By my reading, OSHA

The More Things Change, the More They Stay the Same

Tracking OSHA's shifting position regarding safety incentive programs.

What follows is an update on the current state of regulations for safety incentive programs, augmented with observations regarding OSHA's shifting position on outcome-based safety awards. Understanding the forces influencing regulations can help safety program managers to make certain their programs are created with appropriate intent and designed to support a safer workplace that also clearly supports the reporting requirements.

Differing Views
Many companies have historically rewarded intentional safety by their workers. Signs touting the number of days since an accident, picnics, sporting events, and gifts have all been used to thank employees. However, when it comes to outcome-based rewards for results-based safety records (e.g., "Thirty days without an accident equals celebrating with a pizza party for lunch"), OSHA has traditionally seen it differently.

To be fair, OSHA has supported performance-based safety incentive awards, such as identifying a potential hazard or volunteering to serve on a safety committee. At the same time, OSHA has a legacy of criticizing outcome-based incentives, such as rewarding a month, quarter, or year of exceptional safety.

The inclusion of outcome-based rewards has proven to be an effective and ethical part of any behavioral modification campaign, such as a safety incentive program. Many whitepapers and program results analyzed by respected independent authorities support this. OSHA, however, does not share this view of how to encourage and reward a safe work environment.

An employer might want to uplift its employees by telling them, "To celebrate everyone being safe for the whole year, we want to give each of you a nice gift!" OSHA often takes a much darker position that this statement is more of an implied threat.

OSHA viewed the above message as subterfuge intended to communicate a message more along these lines: "Here is a nice gift, but you will not get the gift if you file an accident report or do anything that reveals you did not have a perfect safety record. Oh, and one other thing, if you report an accident, none of your work friends will get the shiny gift, and they will all blame you!"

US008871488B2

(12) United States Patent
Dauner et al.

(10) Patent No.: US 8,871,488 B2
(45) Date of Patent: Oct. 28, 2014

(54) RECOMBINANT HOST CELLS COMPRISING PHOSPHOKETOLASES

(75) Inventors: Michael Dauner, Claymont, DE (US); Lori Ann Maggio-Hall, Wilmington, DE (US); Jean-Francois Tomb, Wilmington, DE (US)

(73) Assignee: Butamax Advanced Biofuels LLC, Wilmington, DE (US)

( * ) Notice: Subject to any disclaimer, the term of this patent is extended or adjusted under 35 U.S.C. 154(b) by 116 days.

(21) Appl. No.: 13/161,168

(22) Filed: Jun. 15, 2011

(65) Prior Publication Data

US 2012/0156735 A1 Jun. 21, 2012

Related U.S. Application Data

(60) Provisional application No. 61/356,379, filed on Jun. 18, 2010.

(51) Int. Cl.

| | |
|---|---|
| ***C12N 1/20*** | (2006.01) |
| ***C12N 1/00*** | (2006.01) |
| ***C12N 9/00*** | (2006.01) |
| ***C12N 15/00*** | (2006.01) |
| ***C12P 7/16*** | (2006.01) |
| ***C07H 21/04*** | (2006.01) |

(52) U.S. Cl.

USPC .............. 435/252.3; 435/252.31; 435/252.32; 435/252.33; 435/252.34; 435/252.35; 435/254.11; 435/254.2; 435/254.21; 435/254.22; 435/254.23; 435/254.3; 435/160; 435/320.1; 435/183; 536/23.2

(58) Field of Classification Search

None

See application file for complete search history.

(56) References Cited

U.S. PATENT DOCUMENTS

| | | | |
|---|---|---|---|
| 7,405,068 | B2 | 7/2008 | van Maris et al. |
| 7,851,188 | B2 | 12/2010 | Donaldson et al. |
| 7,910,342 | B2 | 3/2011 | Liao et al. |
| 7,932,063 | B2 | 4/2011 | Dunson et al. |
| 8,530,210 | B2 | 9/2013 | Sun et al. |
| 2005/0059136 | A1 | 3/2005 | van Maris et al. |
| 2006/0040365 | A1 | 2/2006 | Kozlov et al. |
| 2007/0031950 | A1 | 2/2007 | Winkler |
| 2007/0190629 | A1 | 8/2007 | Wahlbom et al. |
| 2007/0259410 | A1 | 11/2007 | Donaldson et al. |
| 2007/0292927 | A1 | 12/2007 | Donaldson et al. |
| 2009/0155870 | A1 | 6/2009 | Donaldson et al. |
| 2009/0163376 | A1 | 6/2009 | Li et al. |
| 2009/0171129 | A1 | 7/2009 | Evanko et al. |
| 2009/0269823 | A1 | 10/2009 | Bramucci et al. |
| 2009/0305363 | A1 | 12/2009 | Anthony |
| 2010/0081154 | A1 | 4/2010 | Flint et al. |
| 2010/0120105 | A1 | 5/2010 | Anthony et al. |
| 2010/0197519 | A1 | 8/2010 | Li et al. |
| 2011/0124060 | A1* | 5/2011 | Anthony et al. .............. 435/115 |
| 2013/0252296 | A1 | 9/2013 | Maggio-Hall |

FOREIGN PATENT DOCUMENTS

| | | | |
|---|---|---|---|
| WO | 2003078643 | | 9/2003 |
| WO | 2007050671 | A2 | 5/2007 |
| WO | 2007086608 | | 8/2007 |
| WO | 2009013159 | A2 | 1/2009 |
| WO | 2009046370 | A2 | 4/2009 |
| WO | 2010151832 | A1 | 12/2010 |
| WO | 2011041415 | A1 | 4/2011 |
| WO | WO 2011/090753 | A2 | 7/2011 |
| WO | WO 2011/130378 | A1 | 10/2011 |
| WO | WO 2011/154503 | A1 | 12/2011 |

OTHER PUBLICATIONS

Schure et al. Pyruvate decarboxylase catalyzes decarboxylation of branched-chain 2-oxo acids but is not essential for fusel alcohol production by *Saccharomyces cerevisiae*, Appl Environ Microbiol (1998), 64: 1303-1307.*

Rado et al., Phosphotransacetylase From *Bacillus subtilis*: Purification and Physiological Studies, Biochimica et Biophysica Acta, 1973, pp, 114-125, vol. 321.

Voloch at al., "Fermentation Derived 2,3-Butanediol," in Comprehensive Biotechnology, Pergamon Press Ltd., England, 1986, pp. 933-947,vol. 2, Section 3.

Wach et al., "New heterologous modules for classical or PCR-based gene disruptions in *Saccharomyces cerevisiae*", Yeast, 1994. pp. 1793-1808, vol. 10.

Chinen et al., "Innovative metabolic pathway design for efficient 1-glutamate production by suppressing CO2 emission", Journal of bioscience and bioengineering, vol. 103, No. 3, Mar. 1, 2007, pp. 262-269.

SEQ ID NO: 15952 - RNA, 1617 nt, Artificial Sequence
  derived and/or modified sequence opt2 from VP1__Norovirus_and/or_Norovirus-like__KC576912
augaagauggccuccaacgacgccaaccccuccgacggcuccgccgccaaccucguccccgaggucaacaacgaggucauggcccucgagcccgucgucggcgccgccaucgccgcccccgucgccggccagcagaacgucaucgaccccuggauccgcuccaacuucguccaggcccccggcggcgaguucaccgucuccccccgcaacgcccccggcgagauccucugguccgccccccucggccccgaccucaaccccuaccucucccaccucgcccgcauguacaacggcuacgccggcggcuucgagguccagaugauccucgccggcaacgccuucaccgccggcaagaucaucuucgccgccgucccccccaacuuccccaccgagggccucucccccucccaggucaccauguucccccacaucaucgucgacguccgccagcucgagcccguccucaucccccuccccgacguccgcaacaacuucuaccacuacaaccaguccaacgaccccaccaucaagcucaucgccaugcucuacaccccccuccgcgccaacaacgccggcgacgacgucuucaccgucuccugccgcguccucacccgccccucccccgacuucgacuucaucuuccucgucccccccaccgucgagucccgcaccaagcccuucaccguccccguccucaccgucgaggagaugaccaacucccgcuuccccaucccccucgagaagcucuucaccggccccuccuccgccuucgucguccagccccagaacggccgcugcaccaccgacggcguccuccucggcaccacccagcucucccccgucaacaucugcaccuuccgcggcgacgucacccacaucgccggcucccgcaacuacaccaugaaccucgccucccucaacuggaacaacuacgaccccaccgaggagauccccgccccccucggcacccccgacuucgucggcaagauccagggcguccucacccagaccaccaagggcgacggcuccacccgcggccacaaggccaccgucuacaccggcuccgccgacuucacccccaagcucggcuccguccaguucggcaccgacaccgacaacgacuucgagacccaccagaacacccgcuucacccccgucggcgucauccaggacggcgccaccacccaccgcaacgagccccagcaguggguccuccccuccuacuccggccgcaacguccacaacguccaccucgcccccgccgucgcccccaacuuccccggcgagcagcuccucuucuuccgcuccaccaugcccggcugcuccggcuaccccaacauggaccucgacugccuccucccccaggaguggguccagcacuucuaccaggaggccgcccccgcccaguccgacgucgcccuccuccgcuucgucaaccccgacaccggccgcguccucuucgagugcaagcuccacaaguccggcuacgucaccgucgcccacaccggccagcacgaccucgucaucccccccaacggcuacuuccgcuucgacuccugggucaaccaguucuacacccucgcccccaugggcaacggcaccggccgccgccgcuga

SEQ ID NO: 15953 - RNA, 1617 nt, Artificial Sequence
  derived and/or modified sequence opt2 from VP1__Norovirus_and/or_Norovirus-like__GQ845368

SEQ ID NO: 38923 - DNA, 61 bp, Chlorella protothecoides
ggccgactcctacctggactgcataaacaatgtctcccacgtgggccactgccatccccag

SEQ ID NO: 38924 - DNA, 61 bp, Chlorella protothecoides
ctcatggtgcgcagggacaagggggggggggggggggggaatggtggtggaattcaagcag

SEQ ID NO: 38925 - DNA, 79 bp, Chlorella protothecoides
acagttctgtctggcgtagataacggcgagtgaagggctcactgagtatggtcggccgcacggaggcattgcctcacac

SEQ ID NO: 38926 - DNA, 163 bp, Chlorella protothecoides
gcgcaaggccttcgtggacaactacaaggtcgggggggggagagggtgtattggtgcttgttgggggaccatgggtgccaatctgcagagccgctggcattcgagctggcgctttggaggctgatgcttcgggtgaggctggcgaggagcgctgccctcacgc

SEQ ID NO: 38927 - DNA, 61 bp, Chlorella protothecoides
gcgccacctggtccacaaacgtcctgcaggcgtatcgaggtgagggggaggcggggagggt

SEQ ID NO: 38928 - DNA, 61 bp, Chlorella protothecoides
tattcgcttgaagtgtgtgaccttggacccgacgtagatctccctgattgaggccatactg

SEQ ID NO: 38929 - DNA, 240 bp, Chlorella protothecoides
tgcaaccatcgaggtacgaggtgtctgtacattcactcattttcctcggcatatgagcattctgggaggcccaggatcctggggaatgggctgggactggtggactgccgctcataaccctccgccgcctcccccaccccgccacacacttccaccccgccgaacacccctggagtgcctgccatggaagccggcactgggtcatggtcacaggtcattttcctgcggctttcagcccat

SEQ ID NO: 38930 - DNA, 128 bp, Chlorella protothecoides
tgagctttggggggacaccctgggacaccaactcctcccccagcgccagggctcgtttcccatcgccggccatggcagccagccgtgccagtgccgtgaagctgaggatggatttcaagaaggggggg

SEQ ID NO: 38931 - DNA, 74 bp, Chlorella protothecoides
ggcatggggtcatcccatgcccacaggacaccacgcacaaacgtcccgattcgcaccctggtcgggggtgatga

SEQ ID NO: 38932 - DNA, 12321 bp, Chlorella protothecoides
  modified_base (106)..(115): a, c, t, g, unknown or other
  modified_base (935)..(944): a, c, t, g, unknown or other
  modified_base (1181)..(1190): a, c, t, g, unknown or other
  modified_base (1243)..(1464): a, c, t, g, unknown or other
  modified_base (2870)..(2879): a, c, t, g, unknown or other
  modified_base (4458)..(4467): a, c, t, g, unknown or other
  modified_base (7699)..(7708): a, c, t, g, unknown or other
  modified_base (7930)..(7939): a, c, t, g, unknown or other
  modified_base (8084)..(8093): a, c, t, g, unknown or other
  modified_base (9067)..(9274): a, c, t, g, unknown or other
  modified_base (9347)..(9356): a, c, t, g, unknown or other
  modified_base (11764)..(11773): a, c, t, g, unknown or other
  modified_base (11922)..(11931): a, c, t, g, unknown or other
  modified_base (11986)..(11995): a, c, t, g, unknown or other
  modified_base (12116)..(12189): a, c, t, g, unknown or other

OSHA has proposed that any outcome-based reward carries an inferred message that anyone who "plays ball" and doesn't report an accident or injury will benefit by getting a "payoff" of some kind. To use their terminology, rewarding a positive safety record is simply "encouraging under-reporting." This position completely disregards all of the independent studies showing gratitude and appreciation for excellent performance is one of the single greatest game changers in improving morale and changing behaviors.

A Repetitive Cycle
OSHA seems to take a regulatory position against result-based awards every five years or so, then see that position knocked down in court. Once struck down, the cycle begins again.

The latest, and very pronounced, iteration of this cycle occurred in 2017, when OSHA implemented new "Anti-Retaliatory Enforcement Procedures." Grouped with deliberate fraudulent reporting, permitting drug abuse, and evidence tampering was a definition that the practice of offering a meal, gift, or other reward in recognition of the absence of reported accidents ("rate-based" or "outcome based" criteria) was an "instrument of retaliation." OSHA believed the reward's simple presence carries the possibility that it is an implicit threat of that reward being withheld if a participant follows the law and files a required report.

The Incentive Federation Inc. (IFI), the incentive industry's legislative and regulatory nonprofit representative, responded vigorously regarding the fallacy of this position. Here's a parallel: Individuals often pay for purchases using cash. It would be an extreme over-response to suggest that no one should ever use cash because of the acknowledged fact that there are counterfeiters out there; instead, we design controls and safeguards to ensure that with reasonable precautions, cash is a safe and effective business tool.